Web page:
My Startup: AccessPay, Manchester

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AccessPay connects the corporate finance and treasury teams world.

With a commitment to boosting efficiency, the Manchester-headquartered company uses open banking, the API economy and secure financial messaging rails to help organisations move more quickly across the board.

As well as allowing for cloud-based payments, corporate enterprises are provided real-time visibility of all cash balances and detailed analysis to help them.

Founder: Ali Moiyed

Founded: 2012


We spoke to Dan Greenall, Marketing Director, to learn all about the organisation.

Dan Greenall, AccessPay

Why did you start AccessPay?

The company was born out of a frustration at how payment processes and cash management had remained stagnant while other areas of commerce became increasingly digitalised and automated.

Legacy tools and procedures were expensive, error-prone and, perhaps worst of all, manual. Companies would have to spend enormous amounts paying employees to complete tasks that a piece of software could complete in minutes, if not seconds. We saw an opportunity and we took it.

Tell us more about the tech behind the product.

Our platform is cloud-based and built on APIs. It seamlessly integrates into back-office systems, connects organisations to their banks other financial services and can route payments globally. It has been designed with a user-friendly interface so employees of all tech experience levels can use it.

Where are you at right now?

We’re at an exciting stage in our journey. 

In January this year, we received a £9 million landmark investment from transatlantic venture capital investor, Beringea. The funding round, backed also by US investors True Ventures and Route 66, is one of the largest ever investments in a financial technology company in the North of England. It’s fuelling major investment in talent, particularly in our engineering, sales and marketing teams.

What are your aims for the next year?

We're keen to add and retain top talent to our workforce. As such, we have established strong links with both MMU and North Coders as well as investing in our own, in-house training programmes. We also proactively collaborate with other, similar companies in the region to help boost the overall profile of the industry and present it as an attractive career option.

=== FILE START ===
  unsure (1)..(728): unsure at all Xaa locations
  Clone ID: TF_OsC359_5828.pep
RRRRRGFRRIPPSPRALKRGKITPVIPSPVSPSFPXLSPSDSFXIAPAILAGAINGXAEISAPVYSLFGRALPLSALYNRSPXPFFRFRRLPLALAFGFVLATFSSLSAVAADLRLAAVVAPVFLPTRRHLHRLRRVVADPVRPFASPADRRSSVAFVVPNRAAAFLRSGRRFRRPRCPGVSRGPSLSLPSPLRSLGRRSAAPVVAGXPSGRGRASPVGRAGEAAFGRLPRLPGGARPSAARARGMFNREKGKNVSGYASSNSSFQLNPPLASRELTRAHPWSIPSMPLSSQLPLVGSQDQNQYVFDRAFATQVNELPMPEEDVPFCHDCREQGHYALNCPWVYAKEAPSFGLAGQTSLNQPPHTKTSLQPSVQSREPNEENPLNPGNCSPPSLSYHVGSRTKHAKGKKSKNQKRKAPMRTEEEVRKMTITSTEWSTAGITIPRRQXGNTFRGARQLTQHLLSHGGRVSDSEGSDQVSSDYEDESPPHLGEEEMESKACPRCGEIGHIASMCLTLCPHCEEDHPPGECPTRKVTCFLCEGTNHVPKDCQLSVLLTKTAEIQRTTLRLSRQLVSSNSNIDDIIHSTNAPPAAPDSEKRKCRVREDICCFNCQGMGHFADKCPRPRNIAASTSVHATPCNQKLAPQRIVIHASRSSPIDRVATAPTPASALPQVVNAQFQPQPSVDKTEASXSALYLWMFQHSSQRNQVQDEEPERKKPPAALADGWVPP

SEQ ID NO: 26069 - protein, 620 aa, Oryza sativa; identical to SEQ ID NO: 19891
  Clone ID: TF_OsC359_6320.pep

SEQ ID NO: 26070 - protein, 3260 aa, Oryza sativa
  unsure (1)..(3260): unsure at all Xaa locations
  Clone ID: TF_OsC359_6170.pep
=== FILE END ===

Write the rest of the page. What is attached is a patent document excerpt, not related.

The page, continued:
We also aim to begin looking at extending our service beyond the confines of the UK and branch out further into Europe and the US.

What's been the hardest thing about getting AccessPay off the ground?

Anything to do with effecting change in corporate finance raises concerns. Companies have understandable fears about changing how they move large sums of money and the security risks they feel are associated with new technologies. 

For AccessPay, it's meant that traditional obstacles to getting off the ground such as securing funding and problems with products and services have been virtually non-existent. For us, it’s been overcoming long-held attitudes towards and suspicions of new technologies that has been the real challenge.

Why should more people be using AccessPay?

It improves how you do business. Users have access to real-time cash visibility enabling smarter and quicker strategic decision-making. Fast, secure automated payment processing reduces risk significantly, but more importantly for many of our customers, it enables growth too. 

How much will it cost users - and why is it worth the investment?

AccessPay products and services aren’t ‘off-the-shelf’ commodities. They're priced depending on a range of factors. Regardless of how or why an organisation uses AccessPay technology, there is one constant; our products and services deliver massive return on investment. 

The ROI delivered through AccessPay is, of course, financial, but it comes in other forms as well. As employees are freed from laborious manual tasks, they can be deployed onto more mission-critical tasks; faster completion of payments boosts trust amongst customers and suppliers; and vital security around payment infrastructures is strengthened.